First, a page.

In cell samples grown in a laboratory setting, the antiparasitic medication ivermectin has shown to be effective against SARS-CoV-2. This has peaked interest because it could possibly treat COVID-19. This study looks at the feasibility of ivermectin as a treatment for COVID-19. The dose needed to be effective against COVID-19 is likely too high for humans to use safely.
As the COVID-19 pandemic continues, several possible drugs are being explored as a treatment option. Due to public uncertainty and political pressure, some drugs have been highly mentioned in the media even though they have not been properly tested for human use or its effectiveness against COVID-19. The media has also failed to mention possible side effects or explore the feasibility for obtaining the medication in a large scale. Many medication suggestions are based on preliminary research. These medication publications often have not shown any sign of being safe and effective for treating humans with COVID-19. In the case of ivermectin, a study was done where a SARS-CoV-2 infected cell sample was constantly exposed to the drug at different concentrations. At a high concentration of 5 micromoles/liter, the virus was totally eradicated over time. Though this is a clear result, ivermectin has gotten an enormous amount of media coverage without any research about the feasibility of this in humans.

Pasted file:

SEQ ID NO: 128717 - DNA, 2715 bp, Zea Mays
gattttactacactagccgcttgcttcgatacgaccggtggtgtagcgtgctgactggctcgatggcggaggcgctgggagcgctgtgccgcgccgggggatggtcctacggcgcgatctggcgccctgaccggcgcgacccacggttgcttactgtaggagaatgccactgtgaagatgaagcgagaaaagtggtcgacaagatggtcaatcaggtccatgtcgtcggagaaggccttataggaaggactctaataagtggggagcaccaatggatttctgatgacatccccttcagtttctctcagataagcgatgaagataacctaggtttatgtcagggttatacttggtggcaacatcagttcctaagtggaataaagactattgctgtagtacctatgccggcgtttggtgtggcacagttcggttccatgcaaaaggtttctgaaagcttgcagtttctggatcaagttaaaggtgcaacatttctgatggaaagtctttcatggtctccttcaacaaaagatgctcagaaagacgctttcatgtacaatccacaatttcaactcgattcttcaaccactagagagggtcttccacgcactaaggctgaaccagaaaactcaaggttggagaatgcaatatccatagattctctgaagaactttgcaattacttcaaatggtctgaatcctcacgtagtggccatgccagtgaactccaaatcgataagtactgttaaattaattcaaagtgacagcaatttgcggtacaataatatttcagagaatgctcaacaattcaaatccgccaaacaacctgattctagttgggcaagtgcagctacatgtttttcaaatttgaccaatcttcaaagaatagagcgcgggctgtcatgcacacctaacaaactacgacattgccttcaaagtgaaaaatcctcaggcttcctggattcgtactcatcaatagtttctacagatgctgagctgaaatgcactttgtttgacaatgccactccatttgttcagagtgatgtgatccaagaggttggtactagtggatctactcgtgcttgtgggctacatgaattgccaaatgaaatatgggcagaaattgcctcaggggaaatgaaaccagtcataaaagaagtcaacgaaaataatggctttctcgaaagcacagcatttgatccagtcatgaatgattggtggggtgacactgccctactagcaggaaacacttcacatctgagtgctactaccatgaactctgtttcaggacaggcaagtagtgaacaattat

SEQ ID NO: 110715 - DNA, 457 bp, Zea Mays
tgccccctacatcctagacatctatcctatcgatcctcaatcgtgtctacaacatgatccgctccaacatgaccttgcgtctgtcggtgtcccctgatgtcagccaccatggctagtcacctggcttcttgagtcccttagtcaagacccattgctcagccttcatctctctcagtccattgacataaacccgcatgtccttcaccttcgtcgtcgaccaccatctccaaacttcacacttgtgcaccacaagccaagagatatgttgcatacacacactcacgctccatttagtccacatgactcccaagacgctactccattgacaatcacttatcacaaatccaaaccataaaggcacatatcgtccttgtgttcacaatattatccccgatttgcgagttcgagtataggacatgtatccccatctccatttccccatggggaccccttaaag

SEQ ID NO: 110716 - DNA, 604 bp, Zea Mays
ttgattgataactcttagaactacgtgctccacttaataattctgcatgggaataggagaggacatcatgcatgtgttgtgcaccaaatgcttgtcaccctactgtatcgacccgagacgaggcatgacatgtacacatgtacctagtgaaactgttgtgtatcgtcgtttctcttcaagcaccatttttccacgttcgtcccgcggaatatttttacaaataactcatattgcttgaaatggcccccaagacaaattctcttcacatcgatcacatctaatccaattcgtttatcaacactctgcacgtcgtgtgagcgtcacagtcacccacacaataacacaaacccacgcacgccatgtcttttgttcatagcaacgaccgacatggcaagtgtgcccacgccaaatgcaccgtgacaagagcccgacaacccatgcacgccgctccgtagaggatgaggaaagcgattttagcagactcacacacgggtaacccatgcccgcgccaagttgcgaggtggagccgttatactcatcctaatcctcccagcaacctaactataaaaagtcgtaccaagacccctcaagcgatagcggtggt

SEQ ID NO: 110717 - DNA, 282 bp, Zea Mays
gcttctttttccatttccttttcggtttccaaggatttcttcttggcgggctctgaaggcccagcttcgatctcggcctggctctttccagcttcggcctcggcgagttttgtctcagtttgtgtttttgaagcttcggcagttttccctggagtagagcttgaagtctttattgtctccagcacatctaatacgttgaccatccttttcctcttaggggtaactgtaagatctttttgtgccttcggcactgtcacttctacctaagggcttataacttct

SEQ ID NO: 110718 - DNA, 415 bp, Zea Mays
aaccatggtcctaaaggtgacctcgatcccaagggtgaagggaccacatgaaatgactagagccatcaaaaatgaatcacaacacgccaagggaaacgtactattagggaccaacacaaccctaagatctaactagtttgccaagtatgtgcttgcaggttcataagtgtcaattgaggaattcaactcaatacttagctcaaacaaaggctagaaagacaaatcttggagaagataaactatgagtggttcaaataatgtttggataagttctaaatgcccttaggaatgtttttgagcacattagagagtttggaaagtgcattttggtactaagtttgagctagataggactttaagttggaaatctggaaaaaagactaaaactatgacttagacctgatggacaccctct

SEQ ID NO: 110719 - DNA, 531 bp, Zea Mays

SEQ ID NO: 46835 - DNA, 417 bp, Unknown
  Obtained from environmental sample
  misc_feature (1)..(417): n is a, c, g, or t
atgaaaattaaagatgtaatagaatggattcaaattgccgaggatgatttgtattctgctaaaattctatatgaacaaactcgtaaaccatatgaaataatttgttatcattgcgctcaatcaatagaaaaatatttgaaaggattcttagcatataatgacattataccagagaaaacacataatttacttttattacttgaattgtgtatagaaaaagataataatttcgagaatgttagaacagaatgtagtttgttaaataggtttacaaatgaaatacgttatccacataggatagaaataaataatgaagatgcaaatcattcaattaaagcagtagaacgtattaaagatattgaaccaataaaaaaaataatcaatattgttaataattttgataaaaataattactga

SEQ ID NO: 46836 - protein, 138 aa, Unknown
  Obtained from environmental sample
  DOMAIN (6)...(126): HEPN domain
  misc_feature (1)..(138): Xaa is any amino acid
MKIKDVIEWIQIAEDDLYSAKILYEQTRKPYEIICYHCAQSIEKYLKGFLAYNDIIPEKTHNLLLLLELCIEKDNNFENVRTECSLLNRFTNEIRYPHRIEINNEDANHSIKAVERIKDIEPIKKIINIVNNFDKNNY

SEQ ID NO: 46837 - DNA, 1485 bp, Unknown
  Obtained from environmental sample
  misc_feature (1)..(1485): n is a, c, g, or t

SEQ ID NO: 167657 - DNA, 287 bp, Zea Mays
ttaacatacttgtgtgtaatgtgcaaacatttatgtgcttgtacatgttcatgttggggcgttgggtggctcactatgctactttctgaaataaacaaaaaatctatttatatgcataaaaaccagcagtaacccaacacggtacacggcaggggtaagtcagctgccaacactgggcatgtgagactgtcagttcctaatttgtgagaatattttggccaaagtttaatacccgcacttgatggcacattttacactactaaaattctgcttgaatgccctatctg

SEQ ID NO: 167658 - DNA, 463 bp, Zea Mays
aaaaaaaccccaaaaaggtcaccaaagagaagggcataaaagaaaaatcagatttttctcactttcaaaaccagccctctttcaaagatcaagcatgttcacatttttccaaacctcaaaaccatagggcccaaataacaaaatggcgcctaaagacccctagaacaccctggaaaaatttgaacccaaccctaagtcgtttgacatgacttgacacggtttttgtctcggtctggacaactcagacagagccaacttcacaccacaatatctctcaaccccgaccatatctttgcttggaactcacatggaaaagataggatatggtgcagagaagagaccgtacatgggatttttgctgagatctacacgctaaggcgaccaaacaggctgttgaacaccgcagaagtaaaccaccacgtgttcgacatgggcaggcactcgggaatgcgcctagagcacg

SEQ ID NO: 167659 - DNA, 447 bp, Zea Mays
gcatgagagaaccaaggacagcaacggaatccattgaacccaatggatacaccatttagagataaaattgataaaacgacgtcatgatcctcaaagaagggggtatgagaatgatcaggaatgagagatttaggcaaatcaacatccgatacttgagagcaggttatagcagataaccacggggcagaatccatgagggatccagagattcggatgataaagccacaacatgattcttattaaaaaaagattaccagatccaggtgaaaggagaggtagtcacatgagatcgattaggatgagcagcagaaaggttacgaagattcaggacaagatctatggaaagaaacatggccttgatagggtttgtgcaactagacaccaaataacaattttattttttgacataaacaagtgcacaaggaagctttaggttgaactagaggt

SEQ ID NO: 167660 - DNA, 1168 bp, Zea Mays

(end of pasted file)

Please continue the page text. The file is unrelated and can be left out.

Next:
Materials and Methods
Published dose recommendations and the side effects that arose after high dosing were examined. These values were compared to the necessary concentration to be effective against the virus in preliminary studies of ivermectin and COVID-19.
When ivermectin is used to treat parasitic diseases, the doses range from 150 micrograms/kilogram (ug/kg) to 400 ug/kg per year. The drug works by paralyzing and killing the parasites through a special binding site that only invertebrates have, so mammals will not have many side effects if the correct dose is given. It has been found that humans do not have adverse side effects up to an 800 ug/kg dose over a year. The largest dose predicted to be healthy for a human is 2000ug/kg. The 5 micromol/Liter dose seen in the preliminary ivermectin study discussed earlier is converted into the dose a human would need to take to be effective against COVID-19, the human would need to take over 50 times more than 700ug/kg. Moreover, a single dose of ivermectin is prescribed per year to patients with parasitic diseases. In the preliminary study exploring ivermectin, the human would have to be constantly exposed to ivermectin for it to be effective against COVID-19. Even with excessive dosing of the drug, humans cannot metabolize the concentration needed to see an effect of the drug on COVID-19.
Hydroxychloroquine is a common antimalarial drug that has a more appropriate dosing to treat COVID-19 in humans. Remdesivir is an antiviral drug that also has a realistic treatment dosage for humans and has shown to be effective against SARS-CoV-2. Ivermectin would need an unrealistic dose to treat humans. A dose so high has never been attempted in humans, and it is thought that the drug could get through the blood brian barrier, causing lethal neurological side effects. The use of a drug after minimal preliminary research is not scientifically or ethically appropriate. Due to some tragic events that have already occurred after the misuse of proposed COVID-19 treatments, it should be strongly encouraged to avoid self medication of ivermectin or any other drug which has not been FDA approved for COVID-19 related illnesses.